12 results for “June 1963”

College of Complexes curriculum, June 1963

Slim Brundage had been a bouncer at the Dill Pickle Club in the 1920s and the manager of a short-lived open forum known as the Knowledge Box in the 1930s. In the 1950s he opened his own club known as The College of Complexes. A bar and an open forum, the College sponsored lectures from all sides of the political and social spectrum, as these issues of the College's newsletter, The Curriculum, suggest.

Date
June 1963
Subjects
Amusements
Places
Chicago (Ill.)
UPI Press wire demonstration at the _Chicago Sun-Times_ regarding editorial "Now that the March is Over," August 29, 1963

While returning to Chicago by train from the 1963 March on Washington, some civil rights activists read a Sun-Times editorial critical of Martin Luther King, Jr., and other leaders. As this newswire transcript recounts, some 300 activists marched directly from the train station to the Sun-Times building to picket. The newspaper's editors agreed to meet with leaders of the protest.

Date
1963
Subjects
African American life
Civil rights
Places
Chicago (Ill.)
Washington D.C.
People
Black, Timuel
Don't Shop Downtown Until Willis Goes

Chicago activists distributed the “Stop! Don't Shop Downtown” flyer during a campaign to oust Chicago Public Schools superintendent Benjamin Willis. Activists charged Willis with supporting segregated and inadequately funded schools for African Americans. In 1965, over 100,000 Chicago Public School students joined a two-day school boycott to protest the renewal of Willis's contract by the Chicago Board of Education.

Creator
Students Nonviolent Coordinating Committee
Date
1963
Subjects
African American life
Boycotts
Civil rights
Places
Chicago (Ill.)
Seven Days of the Life of a Soldier

Manuscript account by Major Alexander Thompson of a canoe journey from Green Bay to Mackinac Island, between June 1 and June 23, 1831. Accompanied by William Holiday, proprietor of an American Fur Company trading house in the interior, who was returning to headquarters in Mackinac to settle his accounts, and by eight French voyageurs or “pork-eaters,” Thompson left Green Bay on June 1, 1831 in a 30-foot bark canoe owned by the Company. As the travelers made their way around the Bay, he commented on the forests, wildlife, and the customs and legends of the Menomonee, Chippewa, Ottawa, and Winnebago Indians. Weather-bound by strong winds to their camp near Vermilion Island, Thompson hiked along some Indian trails, observing the abundant wild strawberries, roses, peas, grapes, currants, and gooseberries, and moccasin flowers, as well as bear, deer, bald eagle, and sturgeon. Strong winds were a constant hindrance throughout the trip, but finally, at Louse Island, they entered Lake Michigan, paddling at night in the moonlight to take advantage of the calm waters. They arrived at Mackinac Island on June 23rd, and were greeted by Company official Robert Stuart.

Creator
Thompson, Alexander Ramsay, 1793-1837
Date
1831
Subjects
American Fur Company
Canoes and canoeing
Fur trade
Indians of North America
Places
Great Lakes Region
Green Bay (Wis.)
Mackinac Island (Mich.)
People
Holiday, William
Thompson, Alexander Ramsay, 1793-1837
Sherwood Anderson, "Jack Jones--The Pickler."

In this article from the Chicago Daily News, the novelist Sherwood Anderson describes the diverse audience at the Dill Pickle Club: “The street car conductor sits on a bench beside the college professor, the literary critic, the earnest young wife, who hungers for culture, and the hobo.”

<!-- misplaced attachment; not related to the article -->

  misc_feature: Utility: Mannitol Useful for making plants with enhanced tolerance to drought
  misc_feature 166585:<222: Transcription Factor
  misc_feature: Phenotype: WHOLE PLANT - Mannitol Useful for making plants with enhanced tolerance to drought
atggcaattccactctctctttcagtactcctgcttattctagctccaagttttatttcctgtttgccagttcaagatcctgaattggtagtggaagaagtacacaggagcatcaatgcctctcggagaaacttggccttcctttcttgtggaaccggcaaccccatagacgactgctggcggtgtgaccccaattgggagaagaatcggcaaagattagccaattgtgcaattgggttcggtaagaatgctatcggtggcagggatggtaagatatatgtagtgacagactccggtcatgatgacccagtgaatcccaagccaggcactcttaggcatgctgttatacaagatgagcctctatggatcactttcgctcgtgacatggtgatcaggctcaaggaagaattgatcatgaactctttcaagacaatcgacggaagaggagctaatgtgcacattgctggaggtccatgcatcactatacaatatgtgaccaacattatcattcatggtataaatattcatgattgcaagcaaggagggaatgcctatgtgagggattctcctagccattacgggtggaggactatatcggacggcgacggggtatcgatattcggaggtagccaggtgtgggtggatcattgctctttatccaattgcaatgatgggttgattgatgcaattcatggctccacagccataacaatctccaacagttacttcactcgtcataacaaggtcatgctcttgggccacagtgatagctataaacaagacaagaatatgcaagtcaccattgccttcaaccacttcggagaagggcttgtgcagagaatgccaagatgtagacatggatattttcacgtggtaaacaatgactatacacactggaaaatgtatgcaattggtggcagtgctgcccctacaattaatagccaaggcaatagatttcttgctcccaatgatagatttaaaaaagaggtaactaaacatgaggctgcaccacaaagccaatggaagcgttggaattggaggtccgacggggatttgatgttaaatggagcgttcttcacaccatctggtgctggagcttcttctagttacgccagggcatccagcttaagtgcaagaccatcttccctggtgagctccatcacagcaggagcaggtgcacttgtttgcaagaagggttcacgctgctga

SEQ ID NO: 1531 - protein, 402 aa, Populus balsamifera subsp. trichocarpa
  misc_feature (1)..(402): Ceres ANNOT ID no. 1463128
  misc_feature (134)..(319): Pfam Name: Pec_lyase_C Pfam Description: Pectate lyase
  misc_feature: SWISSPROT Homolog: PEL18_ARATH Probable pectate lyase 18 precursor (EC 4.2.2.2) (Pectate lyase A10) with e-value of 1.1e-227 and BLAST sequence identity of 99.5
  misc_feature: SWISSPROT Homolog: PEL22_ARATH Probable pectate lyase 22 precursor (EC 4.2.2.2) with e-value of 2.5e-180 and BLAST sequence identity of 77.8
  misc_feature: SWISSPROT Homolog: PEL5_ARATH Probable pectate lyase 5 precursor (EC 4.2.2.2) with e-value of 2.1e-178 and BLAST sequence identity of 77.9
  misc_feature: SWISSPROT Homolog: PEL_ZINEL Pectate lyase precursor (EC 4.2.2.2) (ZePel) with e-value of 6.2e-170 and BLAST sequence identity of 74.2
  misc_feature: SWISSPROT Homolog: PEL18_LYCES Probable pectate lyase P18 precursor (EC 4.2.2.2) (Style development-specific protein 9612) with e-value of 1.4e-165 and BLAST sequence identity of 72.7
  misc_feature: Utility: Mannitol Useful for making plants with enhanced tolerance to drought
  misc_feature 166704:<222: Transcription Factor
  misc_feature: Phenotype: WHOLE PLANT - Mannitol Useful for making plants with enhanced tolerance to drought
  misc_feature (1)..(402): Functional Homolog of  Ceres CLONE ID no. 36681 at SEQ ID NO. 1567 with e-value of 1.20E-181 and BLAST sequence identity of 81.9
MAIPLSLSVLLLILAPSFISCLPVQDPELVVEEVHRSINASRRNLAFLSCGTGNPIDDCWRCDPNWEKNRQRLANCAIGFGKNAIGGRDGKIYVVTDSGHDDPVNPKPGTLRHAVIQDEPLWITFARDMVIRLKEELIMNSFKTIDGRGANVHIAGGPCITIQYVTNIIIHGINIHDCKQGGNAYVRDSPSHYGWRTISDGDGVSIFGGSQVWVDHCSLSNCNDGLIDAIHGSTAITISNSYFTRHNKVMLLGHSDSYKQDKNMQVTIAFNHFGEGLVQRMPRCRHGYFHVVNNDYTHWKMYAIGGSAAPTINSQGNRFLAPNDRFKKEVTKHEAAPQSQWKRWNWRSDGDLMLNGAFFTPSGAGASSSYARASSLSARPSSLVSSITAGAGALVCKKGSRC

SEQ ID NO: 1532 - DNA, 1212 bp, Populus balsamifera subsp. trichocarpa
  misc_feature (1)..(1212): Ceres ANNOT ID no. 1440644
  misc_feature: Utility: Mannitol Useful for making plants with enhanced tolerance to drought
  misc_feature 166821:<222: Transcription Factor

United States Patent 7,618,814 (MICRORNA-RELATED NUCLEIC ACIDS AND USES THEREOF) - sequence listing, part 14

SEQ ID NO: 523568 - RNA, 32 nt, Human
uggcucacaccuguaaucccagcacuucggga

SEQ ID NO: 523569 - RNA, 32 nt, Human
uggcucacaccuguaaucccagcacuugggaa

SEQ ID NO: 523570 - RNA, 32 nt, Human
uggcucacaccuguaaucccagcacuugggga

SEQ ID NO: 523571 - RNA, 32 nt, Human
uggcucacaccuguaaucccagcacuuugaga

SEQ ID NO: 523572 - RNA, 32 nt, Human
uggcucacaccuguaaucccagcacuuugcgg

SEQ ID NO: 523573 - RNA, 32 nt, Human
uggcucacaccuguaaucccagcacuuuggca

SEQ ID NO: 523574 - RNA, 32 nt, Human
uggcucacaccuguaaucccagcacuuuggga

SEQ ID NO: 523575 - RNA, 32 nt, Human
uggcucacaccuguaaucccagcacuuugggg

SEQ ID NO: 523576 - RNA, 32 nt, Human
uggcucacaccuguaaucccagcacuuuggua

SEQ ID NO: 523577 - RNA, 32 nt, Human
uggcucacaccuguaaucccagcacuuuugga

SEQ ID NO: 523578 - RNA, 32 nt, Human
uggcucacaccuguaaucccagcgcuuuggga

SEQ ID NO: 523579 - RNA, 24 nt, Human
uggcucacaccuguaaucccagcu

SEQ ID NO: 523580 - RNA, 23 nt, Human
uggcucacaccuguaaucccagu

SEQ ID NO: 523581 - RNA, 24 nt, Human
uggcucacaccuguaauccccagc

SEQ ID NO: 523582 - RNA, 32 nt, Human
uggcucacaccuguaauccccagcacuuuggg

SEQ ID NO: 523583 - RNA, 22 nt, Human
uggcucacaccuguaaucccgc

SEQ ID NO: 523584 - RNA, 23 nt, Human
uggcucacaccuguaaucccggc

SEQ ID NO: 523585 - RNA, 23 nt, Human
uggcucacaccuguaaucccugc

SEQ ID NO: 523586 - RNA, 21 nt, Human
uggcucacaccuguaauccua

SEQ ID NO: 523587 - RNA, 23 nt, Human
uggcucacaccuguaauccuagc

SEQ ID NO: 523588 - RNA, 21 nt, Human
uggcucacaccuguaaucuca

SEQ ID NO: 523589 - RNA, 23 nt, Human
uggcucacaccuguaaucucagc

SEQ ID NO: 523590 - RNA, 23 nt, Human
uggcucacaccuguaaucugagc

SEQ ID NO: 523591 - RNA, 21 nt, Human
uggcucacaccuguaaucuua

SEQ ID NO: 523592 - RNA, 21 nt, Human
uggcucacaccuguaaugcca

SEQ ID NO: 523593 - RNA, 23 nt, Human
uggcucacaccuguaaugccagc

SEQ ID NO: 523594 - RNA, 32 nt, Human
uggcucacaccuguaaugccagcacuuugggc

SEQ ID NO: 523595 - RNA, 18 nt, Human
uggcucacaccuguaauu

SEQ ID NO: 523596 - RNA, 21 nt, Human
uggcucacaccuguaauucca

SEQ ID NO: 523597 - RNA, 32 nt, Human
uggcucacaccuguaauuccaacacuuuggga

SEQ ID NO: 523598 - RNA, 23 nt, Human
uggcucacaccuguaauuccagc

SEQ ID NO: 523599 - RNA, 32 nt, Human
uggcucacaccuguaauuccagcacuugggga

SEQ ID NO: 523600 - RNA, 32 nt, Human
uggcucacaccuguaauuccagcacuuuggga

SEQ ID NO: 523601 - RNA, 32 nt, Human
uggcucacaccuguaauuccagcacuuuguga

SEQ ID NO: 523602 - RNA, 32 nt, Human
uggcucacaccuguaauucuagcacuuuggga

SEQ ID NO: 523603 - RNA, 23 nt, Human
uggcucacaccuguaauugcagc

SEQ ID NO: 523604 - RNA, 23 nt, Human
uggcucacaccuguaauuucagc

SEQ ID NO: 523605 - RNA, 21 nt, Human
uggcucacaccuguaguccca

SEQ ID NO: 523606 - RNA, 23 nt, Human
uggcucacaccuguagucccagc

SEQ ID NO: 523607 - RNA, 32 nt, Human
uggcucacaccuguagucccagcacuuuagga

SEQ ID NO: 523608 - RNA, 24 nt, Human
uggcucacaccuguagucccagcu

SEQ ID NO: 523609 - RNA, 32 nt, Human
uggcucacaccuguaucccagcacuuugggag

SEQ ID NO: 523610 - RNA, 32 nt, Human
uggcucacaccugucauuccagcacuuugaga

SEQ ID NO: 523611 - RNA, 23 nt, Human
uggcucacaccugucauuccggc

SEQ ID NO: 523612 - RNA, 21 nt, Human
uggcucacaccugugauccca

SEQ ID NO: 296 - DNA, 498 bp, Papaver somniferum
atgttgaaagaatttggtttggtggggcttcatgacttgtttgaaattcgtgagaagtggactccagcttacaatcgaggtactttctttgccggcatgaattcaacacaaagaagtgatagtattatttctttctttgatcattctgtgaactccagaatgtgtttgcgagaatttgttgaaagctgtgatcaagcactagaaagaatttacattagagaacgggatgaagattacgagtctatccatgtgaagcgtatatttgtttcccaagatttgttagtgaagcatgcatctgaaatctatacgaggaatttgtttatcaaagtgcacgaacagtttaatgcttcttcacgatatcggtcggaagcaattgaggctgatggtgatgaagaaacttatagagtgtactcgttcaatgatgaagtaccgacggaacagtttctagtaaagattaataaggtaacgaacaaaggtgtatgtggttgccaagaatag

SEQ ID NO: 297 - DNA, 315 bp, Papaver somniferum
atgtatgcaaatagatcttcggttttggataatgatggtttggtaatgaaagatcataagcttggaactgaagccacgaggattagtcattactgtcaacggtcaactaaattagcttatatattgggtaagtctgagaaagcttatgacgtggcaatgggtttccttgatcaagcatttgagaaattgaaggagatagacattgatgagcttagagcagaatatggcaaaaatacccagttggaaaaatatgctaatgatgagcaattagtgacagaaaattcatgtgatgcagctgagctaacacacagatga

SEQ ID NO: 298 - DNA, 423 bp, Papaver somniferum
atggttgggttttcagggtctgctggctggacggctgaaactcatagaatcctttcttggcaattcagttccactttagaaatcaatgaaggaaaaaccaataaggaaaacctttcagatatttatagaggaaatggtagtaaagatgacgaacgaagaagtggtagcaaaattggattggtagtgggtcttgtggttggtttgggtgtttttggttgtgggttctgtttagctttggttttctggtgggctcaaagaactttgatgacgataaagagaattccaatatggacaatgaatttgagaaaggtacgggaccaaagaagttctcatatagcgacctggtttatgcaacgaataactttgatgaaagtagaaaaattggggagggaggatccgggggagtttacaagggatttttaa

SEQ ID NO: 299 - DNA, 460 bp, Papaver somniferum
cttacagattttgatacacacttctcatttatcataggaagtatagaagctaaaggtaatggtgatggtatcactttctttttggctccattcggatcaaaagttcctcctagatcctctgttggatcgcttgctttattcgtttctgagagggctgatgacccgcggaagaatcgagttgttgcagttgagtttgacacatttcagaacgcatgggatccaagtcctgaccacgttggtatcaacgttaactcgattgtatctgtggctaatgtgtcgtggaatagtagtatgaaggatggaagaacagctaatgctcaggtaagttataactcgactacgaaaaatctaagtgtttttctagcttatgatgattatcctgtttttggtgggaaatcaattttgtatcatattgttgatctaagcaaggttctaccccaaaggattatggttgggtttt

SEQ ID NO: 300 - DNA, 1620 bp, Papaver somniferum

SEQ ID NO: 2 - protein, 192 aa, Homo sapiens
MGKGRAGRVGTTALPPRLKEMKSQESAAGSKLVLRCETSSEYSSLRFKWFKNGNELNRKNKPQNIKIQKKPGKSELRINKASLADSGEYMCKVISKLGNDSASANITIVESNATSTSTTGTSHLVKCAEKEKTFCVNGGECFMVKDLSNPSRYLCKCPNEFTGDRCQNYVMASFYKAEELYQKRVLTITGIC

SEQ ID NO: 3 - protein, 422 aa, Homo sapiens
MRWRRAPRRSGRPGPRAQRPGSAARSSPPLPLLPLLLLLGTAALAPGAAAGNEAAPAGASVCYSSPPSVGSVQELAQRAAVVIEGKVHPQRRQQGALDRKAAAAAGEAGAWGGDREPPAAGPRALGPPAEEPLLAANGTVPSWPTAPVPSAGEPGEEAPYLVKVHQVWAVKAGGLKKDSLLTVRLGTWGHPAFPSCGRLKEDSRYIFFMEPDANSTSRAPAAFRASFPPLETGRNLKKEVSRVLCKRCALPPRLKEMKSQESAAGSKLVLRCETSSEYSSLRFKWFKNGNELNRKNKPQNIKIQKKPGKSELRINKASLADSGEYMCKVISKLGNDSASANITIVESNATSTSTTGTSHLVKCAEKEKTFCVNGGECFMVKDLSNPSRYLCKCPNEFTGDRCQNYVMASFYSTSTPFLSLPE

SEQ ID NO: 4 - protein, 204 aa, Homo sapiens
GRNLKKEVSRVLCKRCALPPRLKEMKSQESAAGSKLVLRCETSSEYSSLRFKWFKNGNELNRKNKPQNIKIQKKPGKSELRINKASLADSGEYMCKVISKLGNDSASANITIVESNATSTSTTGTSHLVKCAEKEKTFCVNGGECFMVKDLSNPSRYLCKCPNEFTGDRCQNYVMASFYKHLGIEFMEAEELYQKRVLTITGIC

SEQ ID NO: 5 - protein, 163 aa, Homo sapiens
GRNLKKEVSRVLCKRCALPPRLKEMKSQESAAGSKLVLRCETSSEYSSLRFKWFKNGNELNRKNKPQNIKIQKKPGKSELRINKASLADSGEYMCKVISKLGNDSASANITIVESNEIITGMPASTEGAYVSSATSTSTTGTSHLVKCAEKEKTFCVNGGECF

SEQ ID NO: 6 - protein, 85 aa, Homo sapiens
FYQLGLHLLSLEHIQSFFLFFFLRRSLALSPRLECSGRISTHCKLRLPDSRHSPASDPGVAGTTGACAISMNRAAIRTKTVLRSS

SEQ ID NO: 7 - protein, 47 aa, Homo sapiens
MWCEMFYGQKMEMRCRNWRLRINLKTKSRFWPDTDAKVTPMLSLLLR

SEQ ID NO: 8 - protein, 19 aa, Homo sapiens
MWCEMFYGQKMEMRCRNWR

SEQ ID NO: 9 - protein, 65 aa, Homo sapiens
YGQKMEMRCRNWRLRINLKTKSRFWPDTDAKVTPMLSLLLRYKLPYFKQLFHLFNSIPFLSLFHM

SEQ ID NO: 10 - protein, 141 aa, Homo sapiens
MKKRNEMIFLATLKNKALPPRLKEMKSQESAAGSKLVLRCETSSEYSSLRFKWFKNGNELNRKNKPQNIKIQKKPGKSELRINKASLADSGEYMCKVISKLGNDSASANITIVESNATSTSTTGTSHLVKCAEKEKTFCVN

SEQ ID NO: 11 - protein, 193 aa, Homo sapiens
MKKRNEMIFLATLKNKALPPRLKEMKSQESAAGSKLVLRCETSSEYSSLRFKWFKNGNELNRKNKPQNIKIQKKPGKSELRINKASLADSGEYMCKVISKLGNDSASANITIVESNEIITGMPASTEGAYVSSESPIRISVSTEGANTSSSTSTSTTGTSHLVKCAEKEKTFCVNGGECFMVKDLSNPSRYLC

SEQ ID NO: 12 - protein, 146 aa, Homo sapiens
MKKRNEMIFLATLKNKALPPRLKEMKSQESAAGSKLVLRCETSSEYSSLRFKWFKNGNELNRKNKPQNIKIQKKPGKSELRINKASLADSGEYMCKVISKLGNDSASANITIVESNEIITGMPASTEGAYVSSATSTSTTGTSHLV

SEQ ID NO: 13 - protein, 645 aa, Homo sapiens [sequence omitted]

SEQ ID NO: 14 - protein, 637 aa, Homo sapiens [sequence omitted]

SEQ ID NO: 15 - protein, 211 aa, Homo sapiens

Creator
Sherwood Anderson
Date
1919
Subjects
Amusements
Dill Pickle Club
Literature
Places
Chicago, Illinois
Writers Mobilize Against Fascism

In this editorial from the Anvil, a group of midwestern working class writers survey the economic and political scene of the Great Depression. Many writers and artists joined a loose coalition known as the Popular Front that aimed to stem the growth of conservative influence in the U.S. Here Jack Conroy and his co-editors write in support of the first American Writers Congress held in New York City in 1935.

Creator
Jack Conroy, Walter Snow, Clinton Simpson, J.S. Balch, Will Wharton, Jean Winkler
Date
1935
Subjects
Literature
Places
Moberly, Missouri
New York
Sharecropper, cover of _New Anvil,_ May-June 1940

Jack Conroy, a worker and proletarian writer born in a coal mining camp in Missouri, moved to Chicago in 1938, where he worked on the Illinois Writers Project and edited the New Anvil, a small literary magazine, with Nelson Algren.

Creator
de Graff, Stanley
Date
1940
Subjects
Literature
Working class
People
Conroy, Jack
There Ought to Be School for the Instruction of Women Voters

This cartoon appeared in the Chicago Tribune five days after the Illinois House of Representatives approved women's suffrage in Illinois.

Creator
McCutcheon, John T. (John Tinney), 1870-1949
Date
1913
Subjects
Education
Gender and society
Suffrage
Places
Illinois
Color satellite photo of the Great Lakes

In satellite imagery, the Great Lakes dominate the landscape of central North America, uninterrupted by the political boundaries between the U.S. and Canada, or between states and provinces.

Creator
Leshkevich, G.
Date
1995
Subjects
Great Lakes Region
Mapping
Places
Great Lakes
Front cover of program for Buffalo Bill and Captain Jack in _Life on the Border_

A playbill from the five act play entitled, Life on The Border performed at the Dietz Opera House in Oakland, California, on Wednesday, June 13, 1877. Buffalo Bill Cody and Captain Jack Crawford played themselves, dramatizing their western experiences.

Date
1877
Subjects
Theater
Places
West (U.S.)
People
Buffalo Bill, 1846-1917
Crawford, Jack, 1847-1917